At Pacific Crossroads:
We worship publicly and privately.
We are involved in intentional community.
We live a life of mission so all may know Christ.
Pacific Crossroads Church (PCC) began in early 1998 as a group of five friends meeting together for prayer, with the hope of starting a new church on the Westside. At the same time, church planter Bill Powis was preparing to move to LA to plant a church with the Presbyterian Church in America (PCA). He joined with these five friends and became PCC’s first pastor.
Their first public worship service was held in May 1999 at a Westside event venue. As the church grew, it moved to larger locations, settling for several years at University High School. In 2005, Bill left PCC and planted a church in Atlanta. The remaining community stayed together—without pastoral staff and without any elders—as they were convinced that God had special plans for this church.
The thriving young community got the attention of Redeemer Presbyterian Church in New York City, a church with a particular burden for planting churches in global cities. Believing that PCC could become a church-planting church in and for Los Angeles, Redeemer asked Rankin Wilbourne, who was pastoring in Chattanooga at the time, to consider moving to Los Angeles to “re-plant” PCC. Rankin became the pastor of PCC in August of 2006. He would remain in that role for 14 years, serving as Senior Pastor through February, 2020.
In 2009, the church added a second morning service and elected their first elders to help lead the community. In 2010, PCC launched an evening service at St. John’s Cathedral downtown to serve communities on the east side. In 2012, the Westside morning services moved to their current location at Barnum Hall on the campus of Santa Monica High School.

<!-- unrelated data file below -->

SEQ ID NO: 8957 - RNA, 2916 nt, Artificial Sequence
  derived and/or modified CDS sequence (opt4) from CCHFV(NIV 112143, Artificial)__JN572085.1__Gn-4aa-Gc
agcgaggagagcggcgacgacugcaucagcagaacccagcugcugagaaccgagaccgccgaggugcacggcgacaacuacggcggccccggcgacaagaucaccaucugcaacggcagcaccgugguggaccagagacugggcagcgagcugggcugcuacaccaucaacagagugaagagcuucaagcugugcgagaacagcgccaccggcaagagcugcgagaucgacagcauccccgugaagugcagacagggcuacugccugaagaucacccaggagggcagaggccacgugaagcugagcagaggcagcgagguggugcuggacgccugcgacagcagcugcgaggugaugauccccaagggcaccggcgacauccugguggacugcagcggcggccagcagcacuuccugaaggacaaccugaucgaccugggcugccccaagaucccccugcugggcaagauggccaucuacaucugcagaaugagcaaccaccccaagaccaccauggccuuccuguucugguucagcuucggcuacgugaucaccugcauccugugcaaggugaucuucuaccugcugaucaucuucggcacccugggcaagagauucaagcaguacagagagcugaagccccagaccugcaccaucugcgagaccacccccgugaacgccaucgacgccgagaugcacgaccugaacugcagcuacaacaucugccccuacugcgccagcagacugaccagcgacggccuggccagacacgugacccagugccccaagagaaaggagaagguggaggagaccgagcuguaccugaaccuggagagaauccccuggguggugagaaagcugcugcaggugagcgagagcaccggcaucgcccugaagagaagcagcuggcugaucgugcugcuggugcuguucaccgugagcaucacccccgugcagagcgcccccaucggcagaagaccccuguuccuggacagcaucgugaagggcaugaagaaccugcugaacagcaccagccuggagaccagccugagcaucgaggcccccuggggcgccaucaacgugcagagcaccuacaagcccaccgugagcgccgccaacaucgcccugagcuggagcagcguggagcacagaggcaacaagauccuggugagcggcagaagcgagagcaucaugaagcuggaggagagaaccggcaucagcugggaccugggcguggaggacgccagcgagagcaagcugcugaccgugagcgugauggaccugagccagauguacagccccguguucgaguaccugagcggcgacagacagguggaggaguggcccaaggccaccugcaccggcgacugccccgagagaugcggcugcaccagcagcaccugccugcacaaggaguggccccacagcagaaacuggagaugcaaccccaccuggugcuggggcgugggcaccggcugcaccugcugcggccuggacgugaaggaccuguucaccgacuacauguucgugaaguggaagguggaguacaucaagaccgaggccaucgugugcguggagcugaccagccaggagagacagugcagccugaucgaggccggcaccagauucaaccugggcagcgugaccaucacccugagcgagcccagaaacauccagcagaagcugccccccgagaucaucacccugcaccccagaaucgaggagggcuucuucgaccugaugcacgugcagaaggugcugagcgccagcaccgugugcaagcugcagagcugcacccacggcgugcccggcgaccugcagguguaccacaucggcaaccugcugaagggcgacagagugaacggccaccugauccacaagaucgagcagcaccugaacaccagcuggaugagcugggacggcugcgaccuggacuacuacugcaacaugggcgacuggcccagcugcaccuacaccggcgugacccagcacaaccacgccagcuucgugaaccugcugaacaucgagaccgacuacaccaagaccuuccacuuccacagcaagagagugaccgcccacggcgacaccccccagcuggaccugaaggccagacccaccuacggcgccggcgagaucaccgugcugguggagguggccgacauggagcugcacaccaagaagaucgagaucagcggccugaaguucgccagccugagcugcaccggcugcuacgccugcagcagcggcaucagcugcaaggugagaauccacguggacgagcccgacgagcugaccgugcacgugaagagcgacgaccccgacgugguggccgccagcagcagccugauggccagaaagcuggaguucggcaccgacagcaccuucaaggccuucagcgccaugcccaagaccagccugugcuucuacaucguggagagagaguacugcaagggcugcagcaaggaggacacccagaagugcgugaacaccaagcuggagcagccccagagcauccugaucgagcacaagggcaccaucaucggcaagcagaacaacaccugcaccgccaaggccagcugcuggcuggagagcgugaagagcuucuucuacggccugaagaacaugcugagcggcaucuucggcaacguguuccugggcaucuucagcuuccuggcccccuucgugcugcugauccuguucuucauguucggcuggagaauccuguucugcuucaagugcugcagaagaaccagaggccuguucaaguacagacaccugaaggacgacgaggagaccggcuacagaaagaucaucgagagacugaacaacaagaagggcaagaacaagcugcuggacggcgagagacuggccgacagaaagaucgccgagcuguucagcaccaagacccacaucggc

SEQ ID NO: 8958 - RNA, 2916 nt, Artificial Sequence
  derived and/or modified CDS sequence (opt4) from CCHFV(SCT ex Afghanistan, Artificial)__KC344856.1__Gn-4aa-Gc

PCC also launched three “daughter” churches: King’s Church of Long Beach, planted in 2005, The Way in South Pasadena, planted in 2016, and King’s Cross, planted in 2019.
2020 saw the departure of Pastor Wilbourne and the onset of the Covid-19 pandemic. During this challenging time, Paul Hahn, who was Coordinator of Mission to North America for the Presbyterian Church of America, agreed to step in and lead the church as Interim Senior Pastor. With his guidance, Pacific Crossroads is growing again and close to finding a permanent pastor. In January of 2023, the church commissioned core members of the downtown service to launch a new church, called Orchard Church, now meeting in Eagle Rock.
Pacific Crossroads Church serves the needs of Los Angeles through the partnerships of Hope for Los Angeles, the church’s mercy and justice arm. The church supports gospel-centered ministry through the Center for Faith and Work, and Reformed University Fellowship at USC and UCLA. Loving our city and loving the world continue to be driving forces of the community. In whatever place PCC happens to be, the mission remains the same: to gather, grow, and send forth strong disciples of Jesus, for the glory of God, motivated by the Gospel of Grace, because He first loved us.
Throughout the Bible, God sets apart leaders to care for and serve His people, yet leadership in the Bible is distinctively different. Leaders in the church are called to serve, under God, to equip and build up others (Ephesians 4:11-12). The Bible lays out two main offices of leadership in the local church: elders and deacons.
The biblical picture of elders is found in 1 Timothy 3, Acts 20, and Titus 1. At Pacific Crossroads, elders are trained to see themselves primarily as shepherds (1 Peter 5) who lead, feed, know, and protect those entrusted to their care. To contact our elders email: email@example.com
Current Ruling Elders
Current Teaching Elders
The biblical picture of deacons is found in Acts 6 and 1 Timothy 3. The title deacon comes from the Greek word for “servant.” Deacons at Pacific Crossroads serve the church in a variety of capacities. They assist the elders of the church in diverse areas such as the Finance Team, Operations, Mercy Ministry, and Congregational Care.
“Whoever would be great among you must be your servant, and whoever would be first among you must be slave of all. For even the Son of Man came not to be served but to serve, and to give His life as a ransom for many.”